Tag Archives: postnatal

Preparing for Baby Number 2: Then and Now

Oh how times do change between your first and second baby…..

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Preparing for Baby…..Then and Now……

Purchases

Then: Buy everything new. Shiny and new.

Now: De-moulding the car seat that’s been sat in the garage for 3 years

Baby Fashion

Then: Buy a special ‘just been born’ outfit, as well as a ‘leaving hospital’ outfit, plus spares if required

Now: Finding the old baby clothes and doing the ‘sniff test’ – if they smell OK, chuck ‘em straight in the drawer

Clothing

Then: Spend so much time and money buying baby stuff you forget to buy anything non maternity that will fit post-birth

Now: Buy yourself about 50 pairs of new pyjamas

Cleanliness

Then: Carefully wash (on a gentle wash with Fairy) every soft toy then go over with an anti-bacterial wipe when dry then finish off with a spray of dettol

Now: Use a wet wipe to wipe over a few of the baby toys lying around in the back of the cupboard

Nappies

Then: Research every nappy on the market, only buy those which are gold rated by at least 3 parenting magazines. Spend hours agonising which size to buy for a newborn

Now: Pick up a packet of essential/value nappies each time you shop, in various sizes

Cooking

 

Then: spend your early pre-baby maternity leave days cooking batches of wholesome slow-cooker meals and freeze them in little tubs with labels on

Now: Chuck a few packets of pizzas and oven chips in the freezer, concentrate on stockpiling tea and coffee like a nuclear war is pending

Hospital Bag

Then: Pack about 3 hospital bags because you just can’t fit everything into one bag!

Now: Chuck a toothbrush, PJs, pack of maternity pads, 5 nappies, wet wipes and a handful of used baby clothing in a carrier bag

Knowledge

Then: Read a lot of books about pregnancy and birth. Download baby apps, pelvic floor apps, labour apps until your phone memory is full

Now: Download the Domino’s pizza app and whilst waiting for said pizza do a pelvic floor exercise. If you remember

Birth Plan

Then: Write a very descriptive birth plan, covering every eventuality and including a spotify playlist. This should include Kate Bush ‘ This Woman’s Work’ and with two choices of song to play once baby is born dependent on gender (Isn’t she lovely by Stevie Wonder and Father and Son by Cat Stevens).

Now: Forget to write said birth plan, and you don’t care what music is played as long as it isn’t Now That’s What I Call Disney

What other preperation have you done for baby number 2?!

Finding Mummy

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I feel more like myself now than I ever have. Before I had Nancy,  I worried that I would lose myself, but to be honest I feel like by having Nancy, I found myself.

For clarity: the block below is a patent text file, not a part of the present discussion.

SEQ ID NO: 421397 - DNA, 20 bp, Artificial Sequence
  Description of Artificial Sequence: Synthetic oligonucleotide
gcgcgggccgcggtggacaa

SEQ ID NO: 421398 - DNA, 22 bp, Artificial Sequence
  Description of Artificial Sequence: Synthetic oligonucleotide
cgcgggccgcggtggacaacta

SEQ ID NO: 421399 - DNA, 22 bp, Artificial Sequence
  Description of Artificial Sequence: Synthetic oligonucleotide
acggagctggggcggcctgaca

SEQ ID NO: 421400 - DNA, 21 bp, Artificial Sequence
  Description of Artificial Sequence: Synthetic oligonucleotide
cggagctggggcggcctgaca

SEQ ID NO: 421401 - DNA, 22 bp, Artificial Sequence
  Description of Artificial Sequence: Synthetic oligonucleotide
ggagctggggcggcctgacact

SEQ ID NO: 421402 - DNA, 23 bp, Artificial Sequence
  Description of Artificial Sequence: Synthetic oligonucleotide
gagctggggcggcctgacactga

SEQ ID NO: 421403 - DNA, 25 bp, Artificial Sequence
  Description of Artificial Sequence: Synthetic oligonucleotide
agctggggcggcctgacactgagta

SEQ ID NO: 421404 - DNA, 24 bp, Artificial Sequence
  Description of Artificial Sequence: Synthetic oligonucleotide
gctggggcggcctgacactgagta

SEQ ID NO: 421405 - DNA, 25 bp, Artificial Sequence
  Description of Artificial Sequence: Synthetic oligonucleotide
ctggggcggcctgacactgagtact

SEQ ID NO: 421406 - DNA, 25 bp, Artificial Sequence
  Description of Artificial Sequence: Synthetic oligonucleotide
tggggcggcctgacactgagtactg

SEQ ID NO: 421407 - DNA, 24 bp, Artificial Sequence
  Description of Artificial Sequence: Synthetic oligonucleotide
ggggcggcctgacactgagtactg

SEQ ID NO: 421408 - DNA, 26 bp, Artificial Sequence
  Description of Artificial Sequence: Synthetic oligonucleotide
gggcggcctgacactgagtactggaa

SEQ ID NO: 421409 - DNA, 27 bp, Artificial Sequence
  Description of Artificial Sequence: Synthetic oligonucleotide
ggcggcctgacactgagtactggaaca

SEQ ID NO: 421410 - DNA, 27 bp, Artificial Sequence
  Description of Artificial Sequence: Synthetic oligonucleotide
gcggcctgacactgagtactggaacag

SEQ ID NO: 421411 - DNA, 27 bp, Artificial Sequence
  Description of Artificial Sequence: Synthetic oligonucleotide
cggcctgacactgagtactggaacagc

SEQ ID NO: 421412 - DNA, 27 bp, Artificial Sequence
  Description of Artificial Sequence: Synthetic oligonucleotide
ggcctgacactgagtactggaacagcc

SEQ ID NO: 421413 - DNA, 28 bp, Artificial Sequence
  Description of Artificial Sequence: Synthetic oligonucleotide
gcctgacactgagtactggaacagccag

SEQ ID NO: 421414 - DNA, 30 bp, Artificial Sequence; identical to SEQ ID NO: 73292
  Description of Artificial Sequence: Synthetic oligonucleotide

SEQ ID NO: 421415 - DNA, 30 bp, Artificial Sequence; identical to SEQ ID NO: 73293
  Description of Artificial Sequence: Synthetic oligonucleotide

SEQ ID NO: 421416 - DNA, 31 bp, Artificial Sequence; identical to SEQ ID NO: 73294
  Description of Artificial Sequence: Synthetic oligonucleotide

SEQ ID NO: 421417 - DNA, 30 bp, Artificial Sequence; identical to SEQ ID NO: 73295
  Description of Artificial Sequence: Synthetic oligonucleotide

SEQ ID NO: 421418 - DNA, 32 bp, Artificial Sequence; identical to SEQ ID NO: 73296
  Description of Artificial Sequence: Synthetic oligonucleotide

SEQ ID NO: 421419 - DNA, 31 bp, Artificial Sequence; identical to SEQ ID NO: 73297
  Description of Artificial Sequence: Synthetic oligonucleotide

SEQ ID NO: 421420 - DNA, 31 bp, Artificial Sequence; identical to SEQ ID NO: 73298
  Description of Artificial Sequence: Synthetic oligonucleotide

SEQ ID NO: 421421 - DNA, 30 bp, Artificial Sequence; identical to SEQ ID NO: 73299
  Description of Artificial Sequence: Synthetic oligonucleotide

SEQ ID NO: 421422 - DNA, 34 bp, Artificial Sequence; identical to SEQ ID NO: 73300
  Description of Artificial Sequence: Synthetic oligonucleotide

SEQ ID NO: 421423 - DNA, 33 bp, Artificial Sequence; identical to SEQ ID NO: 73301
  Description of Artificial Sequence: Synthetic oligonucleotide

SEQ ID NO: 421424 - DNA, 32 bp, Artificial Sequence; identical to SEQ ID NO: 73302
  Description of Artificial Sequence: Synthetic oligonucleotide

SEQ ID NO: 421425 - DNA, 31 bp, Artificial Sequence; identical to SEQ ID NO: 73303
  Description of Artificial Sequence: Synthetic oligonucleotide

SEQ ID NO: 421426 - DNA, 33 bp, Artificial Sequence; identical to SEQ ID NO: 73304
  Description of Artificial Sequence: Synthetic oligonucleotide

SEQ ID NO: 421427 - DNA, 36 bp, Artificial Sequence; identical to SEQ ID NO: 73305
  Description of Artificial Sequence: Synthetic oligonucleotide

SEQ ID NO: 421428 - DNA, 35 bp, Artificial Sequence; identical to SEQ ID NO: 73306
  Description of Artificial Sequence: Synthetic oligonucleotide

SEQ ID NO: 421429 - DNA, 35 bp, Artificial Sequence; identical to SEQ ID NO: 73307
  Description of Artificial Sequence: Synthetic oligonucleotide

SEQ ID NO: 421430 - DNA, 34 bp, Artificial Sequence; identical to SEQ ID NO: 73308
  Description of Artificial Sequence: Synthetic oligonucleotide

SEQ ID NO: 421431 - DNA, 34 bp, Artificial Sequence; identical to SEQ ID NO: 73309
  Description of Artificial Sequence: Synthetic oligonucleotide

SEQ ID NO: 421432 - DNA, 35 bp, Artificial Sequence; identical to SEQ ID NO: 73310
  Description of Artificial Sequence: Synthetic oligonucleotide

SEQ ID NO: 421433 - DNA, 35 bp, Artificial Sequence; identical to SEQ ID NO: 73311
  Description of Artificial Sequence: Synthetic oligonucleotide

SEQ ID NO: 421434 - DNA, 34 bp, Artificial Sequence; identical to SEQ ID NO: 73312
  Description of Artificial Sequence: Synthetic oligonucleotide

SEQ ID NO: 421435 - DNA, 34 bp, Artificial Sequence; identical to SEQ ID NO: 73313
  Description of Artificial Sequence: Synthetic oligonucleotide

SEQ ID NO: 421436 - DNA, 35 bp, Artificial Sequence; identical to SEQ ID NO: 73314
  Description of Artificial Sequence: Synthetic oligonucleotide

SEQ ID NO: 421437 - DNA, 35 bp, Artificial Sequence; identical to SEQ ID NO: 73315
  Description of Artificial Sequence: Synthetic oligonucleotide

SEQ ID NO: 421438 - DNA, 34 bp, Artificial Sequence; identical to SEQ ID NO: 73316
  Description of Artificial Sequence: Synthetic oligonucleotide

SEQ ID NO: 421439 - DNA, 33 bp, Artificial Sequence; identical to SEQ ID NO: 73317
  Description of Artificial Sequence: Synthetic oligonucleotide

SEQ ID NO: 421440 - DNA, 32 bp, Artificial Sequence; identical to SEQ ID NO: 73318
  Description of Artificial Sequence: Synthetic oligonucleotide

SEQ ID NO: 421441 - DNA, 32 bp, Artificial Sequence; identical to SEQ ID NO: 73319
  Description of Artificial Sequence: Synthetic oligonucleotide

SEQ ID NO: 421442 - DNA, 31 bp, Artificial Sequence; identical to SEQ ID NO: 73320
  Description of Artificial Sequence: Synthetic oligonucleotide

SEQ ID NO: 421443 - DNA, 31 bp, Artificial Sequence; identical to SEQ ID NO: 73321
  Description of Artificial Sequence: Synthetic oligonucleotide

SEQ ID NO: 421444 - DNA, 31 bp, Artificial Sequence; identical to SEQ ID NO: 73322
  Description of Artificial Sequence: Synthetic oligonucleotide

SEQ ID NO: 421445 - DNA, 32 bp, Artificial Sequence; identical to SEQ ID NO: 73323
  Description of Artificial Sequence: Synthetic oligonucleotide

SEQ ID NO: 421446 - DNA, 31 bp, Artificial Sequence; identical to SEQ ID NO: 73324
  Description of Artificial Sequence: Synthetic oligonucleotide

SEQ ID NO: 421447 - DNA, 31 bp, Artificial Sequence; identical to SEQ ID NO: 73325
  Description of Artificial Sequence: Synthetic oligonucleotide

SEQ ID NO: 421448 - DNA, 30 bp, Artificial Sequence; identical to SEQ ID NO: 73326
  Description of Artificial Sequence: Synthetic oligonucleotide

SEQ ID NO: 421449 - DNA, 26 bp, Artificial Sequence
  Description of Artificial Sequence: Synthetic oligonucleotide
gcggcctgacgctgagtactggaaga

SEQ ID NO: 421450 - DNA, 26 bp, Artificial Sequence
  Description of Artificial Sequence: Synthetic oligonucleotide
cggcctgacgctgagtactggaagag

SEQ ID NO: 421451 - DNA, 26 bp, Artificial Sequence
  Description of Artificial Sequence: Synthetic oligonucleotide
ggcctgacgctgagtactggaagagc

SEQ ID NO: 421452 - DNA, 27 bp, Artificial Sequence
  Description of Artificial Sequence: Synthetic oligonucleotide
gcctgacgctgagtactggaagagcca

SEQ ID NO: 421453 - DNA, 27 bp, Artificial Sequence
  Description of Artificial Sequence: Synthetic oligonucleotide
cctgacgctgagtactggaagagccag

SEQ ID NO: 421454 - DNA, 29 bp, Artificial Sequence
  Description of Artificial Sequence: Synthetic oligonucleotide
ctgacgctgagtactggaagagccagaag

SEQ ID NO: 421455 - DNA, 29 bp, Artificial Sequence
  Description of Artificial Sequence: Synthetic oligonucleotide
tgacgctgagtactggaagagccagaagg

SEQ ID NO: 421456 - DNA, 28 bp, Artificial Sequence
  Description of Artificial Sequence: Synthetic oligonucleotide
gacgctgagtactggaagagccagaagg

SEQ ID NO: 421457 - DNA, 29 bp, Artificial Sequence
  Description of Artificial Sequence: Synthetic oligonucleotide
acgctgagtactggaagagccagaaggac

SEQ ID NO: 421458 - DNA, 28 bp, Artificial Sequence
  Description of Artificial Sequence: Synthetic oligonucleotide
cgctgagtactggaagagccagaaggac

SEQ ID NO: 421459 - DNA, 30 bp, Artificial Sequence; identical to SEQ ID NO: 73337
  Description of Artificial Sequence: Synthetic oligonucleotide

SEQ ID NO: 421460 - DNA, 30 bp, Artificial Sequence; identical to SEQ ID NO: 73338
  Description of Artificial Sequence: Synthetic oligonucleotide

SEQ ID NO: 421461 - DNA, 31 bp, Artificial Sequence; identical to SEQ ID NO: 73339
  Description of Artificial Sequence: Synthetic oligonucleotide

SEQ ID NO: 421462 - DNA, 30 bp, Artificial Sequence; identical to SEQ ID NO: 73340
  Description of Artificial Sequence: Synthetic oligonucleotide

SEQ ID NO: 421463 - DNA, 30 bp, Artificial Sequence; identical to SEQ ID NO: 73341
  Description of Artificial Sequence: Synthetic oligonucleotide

I feel more confident, more sure of my decisions and I am not afraid to express them. I think the first initial months with Nancy taught me that no-one has the “right” answer and that you need to go with your own gut instinct.

I like how I look like now. Yes I could lose a few pounds but I actually like what I wear and I’m confident in what I choose to wear. I wear the make-up I want to, and when I wear lipstick,  I don’t feel stupid.

I’m starting to explore hobbies, interests, things that I can learn and grow and develop. Things I never did before. What did I used to do before? I had so much time yet I never did anything remotely satisfying with it. Now I’m crocheting, reading, gardening. I’m getting interested in politics and I’m interested in learning sewing, knitting and whatever else pops into my head.

And now, things are going to change. I’m pregnant and due in August. Now the ground will shift and we have to adjust to “normal” again.

Will I have to find myself again?

Maybe it won’t be as bad this time. Things won’t change as much, but things will shift. Being a mother to 2 will be different to 1. I will have to devote myself to another for as long as needed. I will have to forgo sleep and put my life on hold.

A part of me doesn’t want to do that. A part of me wants to just be me. The me I have found these past 3 years.

But this time, I will be in control. I will know what to expect. I don’t have to let go so much. I am looking forward to this time, I really am. Focusing on my family, a baby to love and be a sibling for Nancy. Completing my family and just taking time out to live in that delicious postnatal bubble.

The unknown is worrying, unsettling. But I have to see the positive in this situation and remember that I am stronger, more confident and more sure of myself than I ever have been in my life so far. Right now.

This baby is lucky in many ways because I know who I am now. Me and Nancy had to work that out together. We had to figure out what it was that made me a mother. It was tough, but what a journey we’ve had, and are still having and I’m looking forward to sharing that with someone else too.

What They Don’t Tell You About Breastfeeding, Jamie Oliver

Breastfeeding has become less about the feeding. It’s lost sight of what it actually is: a way to feed your child. It is a physiological event that occurs in the mother.  For the child.

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Obviously it’s the natural way to feed your child.  But that doesn’t mean there is an innate inbuilt switch in all of us that suddenly starts to work the moment you have a baby.

Antenatally,  your midwife will tell you about breastfeeding; hands you a bunch of leaflets about how good it is.

They don’t tell you HOW you do it, though. 

I remember being in the antenatal “breastfeeding” class. Being given a doll to put at my breast. Thats it.

No talk of how latch is important; how skin to skin is VITAL as soon as the baby has been born; how if you have pethidine or have to have forceps or a venteuse, this can mean it is more difficult to start feeding. 

They didn’t mention hand expressing, or how to collect precious colostrum in a tiny syringe when you’ve been awake for 48 hours already. 

They forgot to mention  how it can really, really hurt. That your boobs are sore and your nipples red raw. No amount of Lanishoh is going to help.

They don’t explain that once you’ve had the baby, no matter what time or how tired you are, you are expected to know what you’re doing. You’re given more leaflets and an A4 feeding chart to complete that you can barely read as you’ve been awake so long that you’re delirious.